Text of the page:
Putting mind over matter
By Anesta Henry | Wed, September 19, 2012 - 11:20 AM
Her grandmother, mother, brother and uncle all battled with it.
Pamelia Brereton has an intimate knowledge of Alzheimer’s, having watched four of her loved ones suffer with the incurable disease.
Alzheimer’s disease is the most common form of dementia. There is no cure for the disease, which worsens as it progresses, and eventually leads to death.
Familiar with the toll it can have on the body and the mind, with the help of Dr Ermine Belle, Brereton focused her energies on forming the Barbados Alzheimer’s Association, of which she is the president.
The association was conceptualized to address the needs of those suffering from Alzheimer’s and also educating the public about the disease.
“There are about 38 million people in the world with Alzheimer’s and, as we sit here, somebody right now is being diagnosed. In Barbados, we had 3 500 people diagnosed with Alzheimer’s and that was back in 2007,” she said.
“Imagine what the numbers are like now. This telephone rings all the time or sometimes I come to the office and there is somebody waiting to talk. ‘What can I do?’ ‘How can you help me with my mother? She is driving me crazy’. ‘My old man, my brother’; it never stops.”
Brereton took time out from planning activities for this week, as part of the observance of Alzheimer’s Month, at the association’s Black Rock, St Michael office, to talk about the disease, its effects, and the association’s goals, particularly that of establishing a day care centre.
She stressed that Barbados was an aging society and no matter how young, pretty or bubbly an individual was, eventually they will either get old or die young.
“While nobody knows who is going to get Alzheimer’s, the disease does not discriminate.
“And the number of Barbadians being diagnosed is growing annually. More families are living in distress. More families are crying out for help and support with their loved ones.
Brereton said the projected day care centre, which will cater to Alzheimer sufferers of all age groups, would be the answer to wipe away at least some of the tears of many.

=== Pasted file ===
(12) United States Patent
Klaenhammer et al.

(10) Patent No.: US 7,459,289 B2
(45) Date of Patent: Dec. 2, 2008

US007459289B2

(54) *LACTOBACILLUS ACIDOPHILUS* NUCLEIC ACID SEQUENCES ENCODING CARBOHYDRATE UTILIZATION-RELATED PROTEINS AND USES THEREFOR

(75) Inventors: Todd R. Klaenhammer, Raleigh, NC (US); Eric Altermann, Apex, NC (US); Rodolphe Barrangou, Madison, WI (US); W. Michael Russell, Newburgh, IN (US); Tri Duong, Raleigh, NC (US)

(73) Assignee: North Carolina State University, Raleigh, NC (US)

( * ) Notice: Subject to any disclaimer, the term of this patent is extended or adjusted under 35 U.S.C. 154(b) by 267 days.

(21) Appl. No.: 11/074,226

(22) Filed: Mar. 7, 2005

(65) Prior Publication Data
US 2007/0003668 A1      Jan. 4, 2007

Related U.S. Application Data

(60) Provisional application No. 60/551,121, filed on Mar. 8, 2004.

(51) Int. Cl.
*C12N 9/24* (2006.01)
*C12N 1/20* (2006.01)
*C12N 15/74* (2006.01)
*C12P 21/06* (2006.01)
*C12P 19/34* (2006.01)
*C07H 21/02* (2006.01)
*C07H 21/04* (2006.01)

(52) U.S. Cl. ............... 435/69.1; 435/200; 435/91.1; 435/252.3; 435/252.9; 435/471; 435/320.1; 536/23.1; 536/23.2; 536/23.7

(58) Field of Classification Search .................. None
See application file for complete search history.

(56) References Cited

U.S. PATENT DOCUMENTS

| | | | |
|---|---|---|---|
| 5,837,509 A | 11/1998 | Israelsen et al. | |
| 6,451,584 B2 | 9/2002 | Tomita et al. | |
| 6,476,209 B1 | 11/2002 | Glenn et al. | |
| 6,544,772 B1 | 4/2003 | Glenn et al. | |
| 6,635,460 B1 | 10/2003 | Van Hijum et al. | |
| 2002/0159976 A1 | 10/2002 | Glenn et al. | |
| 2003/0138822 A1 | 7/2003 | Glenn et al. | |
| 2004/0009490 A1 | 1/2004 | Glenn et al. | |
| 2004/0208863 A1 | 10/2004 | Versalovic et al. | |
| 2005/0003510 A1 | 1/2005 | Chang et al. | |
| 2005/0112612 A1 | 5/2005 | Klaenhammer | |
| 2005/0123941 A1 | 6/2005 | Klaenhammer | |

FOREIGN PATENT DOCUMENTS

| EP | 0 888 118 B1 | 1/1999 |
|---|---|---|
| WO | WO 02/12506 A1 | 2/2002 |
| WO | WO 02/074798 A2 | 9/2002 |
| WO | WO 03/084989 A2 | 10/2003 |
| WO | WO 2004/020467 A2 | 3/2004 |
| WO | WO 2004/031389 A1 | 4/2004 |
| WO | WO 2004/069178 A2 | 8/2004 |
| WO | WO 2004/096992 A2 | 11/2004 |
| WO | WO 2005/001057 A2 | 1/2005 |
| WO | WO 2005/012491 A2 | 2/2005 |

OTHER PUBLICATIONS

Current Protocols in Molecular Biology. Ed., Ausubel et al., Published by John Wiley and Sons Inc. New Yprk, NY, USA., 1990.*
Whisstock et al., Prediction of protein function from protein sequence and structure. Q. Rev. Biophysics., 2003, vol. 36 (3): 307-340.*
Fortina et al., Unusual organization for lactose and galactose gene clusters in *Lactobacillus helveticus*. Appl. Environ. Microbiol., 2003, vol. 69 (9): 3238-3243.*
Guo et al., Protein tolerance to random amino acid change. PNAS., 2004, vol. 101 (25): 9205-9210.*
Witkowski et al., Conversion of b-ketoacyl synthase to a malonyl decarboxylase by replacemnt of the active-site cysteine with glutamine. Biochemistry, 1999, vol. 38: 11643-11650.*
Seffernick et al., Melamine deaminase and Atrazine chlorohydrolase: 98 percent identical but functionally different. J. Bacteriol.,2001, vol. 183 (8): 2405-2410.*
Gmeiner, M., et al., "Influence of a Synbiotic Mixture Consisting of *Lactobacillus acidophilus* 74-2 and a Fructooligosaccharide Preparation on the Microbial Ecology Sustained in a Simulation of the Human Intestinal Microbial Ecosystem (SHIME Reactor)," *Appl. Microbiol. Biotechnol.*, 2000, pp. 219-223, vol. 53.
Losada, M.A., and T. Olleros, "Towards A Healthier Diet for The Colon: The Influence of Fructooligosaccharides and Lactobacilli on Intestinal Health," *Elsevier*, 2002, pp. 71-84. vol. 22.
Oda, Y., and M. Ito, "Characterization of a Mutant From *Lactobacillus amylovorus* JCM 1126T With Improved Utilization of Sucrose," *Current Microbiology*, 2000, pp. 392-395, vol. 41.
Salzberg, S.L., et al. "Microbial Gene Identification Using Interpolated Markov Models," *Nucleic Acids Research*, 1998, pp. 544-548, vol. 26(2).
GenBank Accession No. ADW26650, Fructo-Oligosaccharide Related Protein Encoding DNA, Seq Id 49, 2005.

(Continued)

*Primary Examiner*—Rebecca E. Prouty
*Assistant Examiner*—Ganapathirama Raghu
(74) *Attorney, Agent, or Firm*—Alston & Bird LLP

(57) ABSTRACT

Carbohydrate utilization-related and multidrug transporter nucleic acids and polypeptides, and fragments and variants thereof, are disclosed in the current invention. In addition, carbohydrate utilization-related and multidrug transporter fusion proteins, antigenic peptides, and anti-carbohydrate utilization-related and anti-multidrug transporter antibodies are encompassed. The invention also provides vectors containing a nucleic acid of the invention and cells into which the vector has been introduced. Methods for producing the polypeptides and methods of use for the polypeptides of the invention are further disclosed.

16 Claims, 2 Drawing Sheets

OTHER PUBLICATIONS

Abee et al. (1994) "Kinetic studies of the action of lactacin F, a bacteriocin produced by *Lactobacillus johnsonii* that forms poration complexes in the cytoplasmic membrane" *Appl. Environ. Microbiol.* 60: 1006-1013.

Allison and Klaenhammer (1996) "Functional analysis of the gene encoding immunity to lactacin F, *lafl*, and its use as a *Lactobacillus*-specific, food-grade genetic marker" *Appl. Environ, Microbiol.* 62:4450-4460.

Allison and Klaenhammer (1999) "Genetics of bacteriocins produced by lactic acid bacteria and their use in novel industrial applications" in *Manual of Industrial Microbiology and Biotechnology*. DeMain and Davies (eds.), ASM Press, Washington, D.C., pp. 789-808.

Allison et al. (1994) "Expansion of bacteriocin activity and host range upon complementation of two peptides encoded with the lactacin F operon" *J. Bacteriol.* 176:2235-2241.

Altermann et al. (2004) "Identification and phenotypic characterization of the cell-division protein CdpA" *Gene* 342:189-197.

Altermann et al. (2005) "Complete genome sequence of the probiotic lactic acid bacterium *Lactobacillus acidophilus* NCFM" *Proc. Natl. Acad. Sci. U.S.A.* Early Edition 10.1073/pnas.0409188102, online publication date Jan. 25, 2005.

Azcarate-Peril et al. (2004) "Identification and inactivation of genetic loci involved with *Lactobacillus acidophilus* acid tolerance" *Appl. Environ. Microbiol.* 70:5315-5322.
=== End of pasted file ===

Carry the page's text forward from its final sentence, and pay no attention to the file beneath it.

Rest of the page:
“My dream for the day care centre is very big. I am looking for somewhere very calming, very serene, high guard walls and electronic gates; because people with Alzheimer’s tend to walk away and you need to make sure that they are safe. Caregivers will be well trained,” she said.
“I will like to see it established to the point where you can leave people overnight or for a few days and take off and go on a little holiday. Even for half a day, so that you can go spoil yourself and get your body massage and your hair done. The stress alone of taking care of a person with Alzheimer can send you to get Alzheimer’s as well.”
Through the July launch of Making Sense Out Of Cents project, a joint initiative of the Central Bank of Barbados, the Rotary Club of Barbados West and the Alzheimer’s Association, there are plans to collect five million one cent coins by the end of the year to secure the day care facility.
“We don’t have lots of money, so we are begging people now. I am hoping that somebody would come forward and say look, ‘we have an old plantation in the countryside where there is not lots of traffic’ or to come forward and say, ‘take this cheque to help out’.
“I know there are people out there who have it but they are probably not hearing us,” said the president of the association which does not receive a subvention from Government.
Brereton, who formerly resided in Canada, said: “Years ago, we use to say the more intelligent you are the least chances you have of getting Alzheimer’s.
“But, it is proven now that “the intelligent and the ones not so intelligent can get Alzheimer’s disease.
“It does not matter how much money you have, if you are going to get Alzheimer’s, you are going to get it. I think those who have the money should say, ‘Look, considering I live in Barbados and we have such a high aging society, let me lend a hand to the Alzheimer’s Association’,” this week’s WEDNESDAY WOMAN suggested.
- Editor's Choice